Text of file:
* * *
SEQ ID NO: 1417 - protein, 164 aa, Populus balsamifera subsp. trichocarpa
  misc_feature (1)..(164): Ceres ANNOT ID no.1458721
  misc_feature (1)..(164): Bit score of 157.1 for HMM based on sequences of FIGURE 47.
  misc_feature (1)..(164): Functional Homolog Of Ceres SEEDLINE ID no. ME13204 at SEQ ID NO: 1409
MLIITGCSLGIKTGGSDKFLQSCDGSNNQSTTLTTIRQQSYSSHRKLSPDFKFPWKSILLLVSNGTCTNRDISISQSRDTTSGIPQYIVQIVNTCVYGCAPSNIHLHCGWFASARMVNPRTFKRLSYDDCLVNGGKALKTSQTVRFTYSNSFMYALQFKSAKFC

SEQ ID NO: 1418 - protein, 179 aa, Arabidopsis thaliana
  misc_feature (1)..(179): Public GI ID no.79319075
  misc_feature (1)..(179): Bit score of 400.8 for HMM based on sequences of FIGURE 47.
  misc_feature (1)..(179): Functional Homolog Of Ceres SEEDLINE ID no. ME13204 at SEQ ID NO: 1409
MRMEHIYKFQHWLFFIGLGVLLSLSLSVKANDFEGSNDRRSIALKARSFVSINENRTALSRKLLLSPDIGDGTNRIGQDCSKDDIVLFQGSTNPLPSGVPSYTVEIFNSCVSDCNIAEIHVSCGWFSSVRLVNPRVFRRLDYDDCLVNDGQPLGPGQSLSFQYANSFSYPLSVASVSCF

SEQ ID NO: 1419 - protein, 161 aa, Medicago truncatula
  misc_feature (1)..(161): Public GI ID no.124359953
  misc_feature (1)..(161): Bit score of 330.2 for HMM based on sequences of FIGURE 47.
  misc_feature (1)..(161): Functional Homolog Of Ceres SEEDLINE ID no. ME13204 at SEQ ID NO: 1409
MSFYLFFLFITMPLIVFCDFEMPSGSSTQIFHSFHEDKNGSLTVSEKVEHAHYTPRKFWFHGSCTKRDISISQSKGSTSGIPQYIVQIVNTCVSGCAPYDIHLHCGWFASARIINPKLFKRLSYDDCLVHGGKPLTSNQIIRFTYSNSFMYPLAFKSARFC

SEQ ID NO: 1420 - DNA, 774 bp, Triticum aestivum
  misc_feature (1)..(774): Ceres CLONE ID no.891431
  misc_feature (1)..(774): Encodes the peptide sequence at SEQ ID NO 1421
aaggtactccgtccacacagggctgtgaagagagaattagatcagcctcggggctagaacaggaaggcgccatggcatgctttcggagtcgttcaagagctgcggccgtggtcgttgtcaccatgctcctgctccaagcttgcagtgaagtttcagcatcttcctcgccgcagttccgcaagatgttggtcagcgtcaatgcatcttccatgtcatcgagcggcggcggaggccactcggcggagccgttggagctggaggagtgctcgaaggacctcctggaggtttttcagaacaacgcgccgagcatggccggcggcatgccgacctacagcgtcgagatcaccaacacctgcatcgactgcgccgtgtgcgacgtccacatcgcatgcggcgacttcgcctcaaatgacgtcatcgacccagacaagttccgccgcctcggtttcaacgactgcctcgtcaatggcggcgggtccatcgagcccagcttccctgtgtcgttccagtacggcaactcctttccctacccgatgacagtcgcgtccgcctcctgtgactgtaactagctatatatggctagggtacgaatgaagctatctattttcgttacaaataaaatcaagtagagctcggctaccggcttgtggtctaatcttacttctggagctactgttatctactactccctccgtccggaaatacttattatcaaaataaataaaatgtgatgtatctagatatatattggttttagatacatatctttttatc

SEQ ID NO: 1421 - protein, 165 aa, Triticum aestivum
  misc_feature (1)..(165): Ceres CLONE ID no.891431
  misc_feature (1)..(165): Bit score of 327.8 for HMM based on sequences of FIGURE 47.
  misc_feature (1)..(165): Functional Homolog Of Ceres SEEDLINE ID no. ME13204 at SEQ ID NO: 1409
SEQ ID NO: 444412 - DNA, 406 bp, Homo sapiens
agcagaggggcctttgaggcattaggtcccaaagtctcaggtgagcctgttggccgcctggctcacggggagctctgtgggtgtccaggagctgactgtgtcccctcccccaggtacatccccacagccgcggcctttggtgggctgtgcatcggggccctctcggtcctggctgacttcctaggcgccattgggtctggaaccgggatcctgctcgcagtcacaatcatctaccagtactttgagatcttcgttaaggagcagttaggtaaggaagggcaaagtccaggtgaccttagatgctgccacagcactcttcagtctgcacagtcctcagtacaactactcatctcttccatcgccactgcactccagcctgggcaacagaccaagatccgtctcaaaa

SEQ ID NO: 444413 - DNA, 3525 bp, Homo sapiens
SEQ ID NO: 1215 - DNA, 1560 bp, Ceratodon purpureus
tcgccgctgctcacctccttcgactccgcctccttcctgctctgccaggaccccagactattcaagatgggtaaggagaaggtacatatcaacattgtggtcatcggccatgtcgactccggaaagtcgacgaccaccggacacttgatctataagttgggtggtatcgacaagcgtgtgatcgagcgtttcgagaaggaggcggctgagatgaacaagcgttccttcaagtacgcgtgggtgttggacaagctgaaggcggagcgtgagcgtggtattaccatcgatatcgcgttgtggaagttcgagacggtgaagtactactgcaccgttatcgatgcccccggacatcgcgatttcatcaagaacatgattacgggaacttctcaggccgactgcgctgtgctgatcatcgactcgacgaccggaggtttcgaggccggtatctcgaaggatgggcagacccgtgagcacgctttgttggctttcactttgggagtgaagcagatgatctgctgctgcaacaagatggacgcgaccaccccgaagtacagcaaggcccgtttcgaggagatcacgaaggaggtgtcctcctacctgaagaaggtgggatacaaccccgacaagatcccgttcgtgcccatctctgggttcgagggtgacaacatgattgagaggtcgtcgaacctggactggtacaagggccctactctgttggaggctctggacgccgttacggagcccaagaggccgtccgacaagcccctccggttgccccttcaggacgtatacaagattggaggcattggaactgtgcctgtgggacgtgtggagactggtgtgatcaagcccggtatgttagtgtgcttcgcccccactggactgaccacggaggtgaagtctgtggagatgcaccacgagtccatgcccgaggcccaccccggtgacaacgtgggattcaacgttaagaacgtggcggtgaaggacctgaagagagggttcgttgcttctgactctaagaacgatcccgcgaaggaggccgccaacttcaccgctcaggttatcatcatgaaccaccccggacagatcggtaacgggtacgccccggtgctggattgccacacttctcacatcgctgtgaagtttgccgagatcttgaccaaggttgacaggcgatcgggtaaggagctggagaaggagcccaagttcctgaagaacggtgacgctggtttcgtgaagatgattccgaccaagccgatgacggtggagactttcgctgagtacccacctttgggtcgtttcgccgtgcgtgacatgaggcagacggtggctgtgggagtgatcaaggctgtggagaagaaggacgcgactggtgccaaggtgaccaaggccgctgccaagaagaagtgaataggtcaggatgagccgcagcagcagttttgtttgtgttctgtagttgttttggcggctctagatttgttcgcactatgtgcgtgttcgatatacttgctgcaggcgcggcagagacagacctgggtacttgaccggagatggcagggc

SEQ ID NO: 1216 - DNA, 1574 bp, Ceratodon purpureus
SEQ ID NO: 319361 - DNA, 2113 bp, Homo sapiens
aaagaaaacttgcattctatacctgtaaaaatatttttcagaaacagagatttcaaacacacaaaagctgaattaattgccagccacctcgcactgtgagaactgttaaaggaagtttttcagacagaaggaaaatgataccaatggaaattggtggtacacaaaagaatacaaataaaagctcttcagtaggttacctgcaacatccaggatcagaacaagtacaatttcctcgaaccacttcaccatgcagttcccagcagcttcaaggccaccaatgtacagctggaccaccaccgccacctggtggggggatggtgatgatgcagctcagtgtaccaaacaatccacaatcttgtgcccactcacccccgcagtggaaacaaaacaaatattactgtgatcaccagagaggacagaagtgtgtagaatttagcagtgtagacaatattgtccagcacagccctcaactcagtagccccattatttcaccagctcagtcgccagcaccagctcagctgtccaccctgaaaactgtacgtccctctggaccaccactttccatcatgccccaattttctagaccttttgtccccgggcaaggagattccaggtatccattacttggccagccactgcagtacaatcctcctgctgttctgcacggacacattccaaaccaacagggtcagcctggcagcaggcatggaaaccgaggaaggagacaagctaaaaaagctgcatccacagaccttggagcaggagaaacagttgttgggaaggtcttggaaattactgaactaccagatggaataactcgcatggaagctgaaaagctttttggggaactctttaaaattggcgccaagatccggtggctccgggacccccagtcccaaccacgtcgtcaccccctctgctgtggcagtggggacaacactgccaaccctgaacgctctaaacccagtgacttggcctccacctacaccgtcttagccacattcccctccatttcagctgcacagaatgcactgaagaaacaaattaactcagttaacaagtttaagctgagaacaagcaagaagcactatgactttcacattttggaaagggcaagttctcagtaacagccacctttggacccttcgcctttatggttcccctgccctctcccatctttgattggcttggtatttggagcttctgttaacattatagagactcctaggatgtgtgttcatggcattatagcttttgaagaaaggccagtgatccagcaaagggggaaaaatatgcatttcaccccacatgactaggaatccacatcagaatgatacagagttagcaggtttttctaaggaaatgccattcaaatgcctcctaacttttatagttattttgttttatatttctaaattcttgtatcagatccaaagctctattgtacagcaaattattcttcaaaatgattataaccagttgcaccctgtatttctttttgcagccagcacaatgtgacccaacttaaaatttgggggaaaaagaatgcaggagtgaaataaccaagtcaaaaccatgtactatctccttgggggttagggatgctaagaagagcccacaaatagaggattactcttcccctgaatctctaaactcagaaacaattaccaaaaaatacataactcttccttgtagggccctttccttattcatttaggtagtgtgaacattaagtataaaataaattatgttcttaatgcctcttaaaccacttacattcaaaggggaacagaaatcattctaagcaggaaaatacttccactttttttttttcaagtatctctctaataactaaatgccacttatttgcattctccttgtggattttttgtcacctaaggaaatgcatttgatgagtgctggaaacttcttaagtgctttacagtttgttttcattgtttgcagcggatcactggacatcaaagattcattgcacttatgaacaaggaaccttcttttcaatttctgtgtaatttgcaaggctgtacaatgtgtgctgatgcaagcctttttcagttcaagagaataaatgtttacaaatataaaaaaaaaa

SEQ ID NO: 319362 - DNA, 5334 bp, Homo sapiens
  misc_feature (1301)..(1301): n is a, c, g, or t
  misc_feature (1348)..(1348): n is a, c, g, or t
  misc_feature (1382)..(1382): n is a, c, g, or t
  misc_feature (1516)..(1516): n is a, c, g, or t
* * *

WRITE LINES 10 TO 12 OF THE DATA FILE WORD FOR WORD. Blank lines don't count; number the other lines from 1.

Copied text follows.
MRMEHIYKFQHWLFFIGLGVLLSLSLSVKANDFEGSNDRRSIALKARSFVSINENRTALSRKLLLSPDIGDGTNRIGQDCSKDDIVLFQGSTNPLPSGVPSYTVEIFNSCVSDCNIAEIHVSCGWFSSVRLVNPRVFRRLDYDDCLVNDGQPLGPGQSLSFQYANSFSYPLSVASVSCF

SEQ ID NO: 1419 - protein, 161 aa, Medicago truncatula
  misc_feature (1)..(161): Public GI ID no.124359953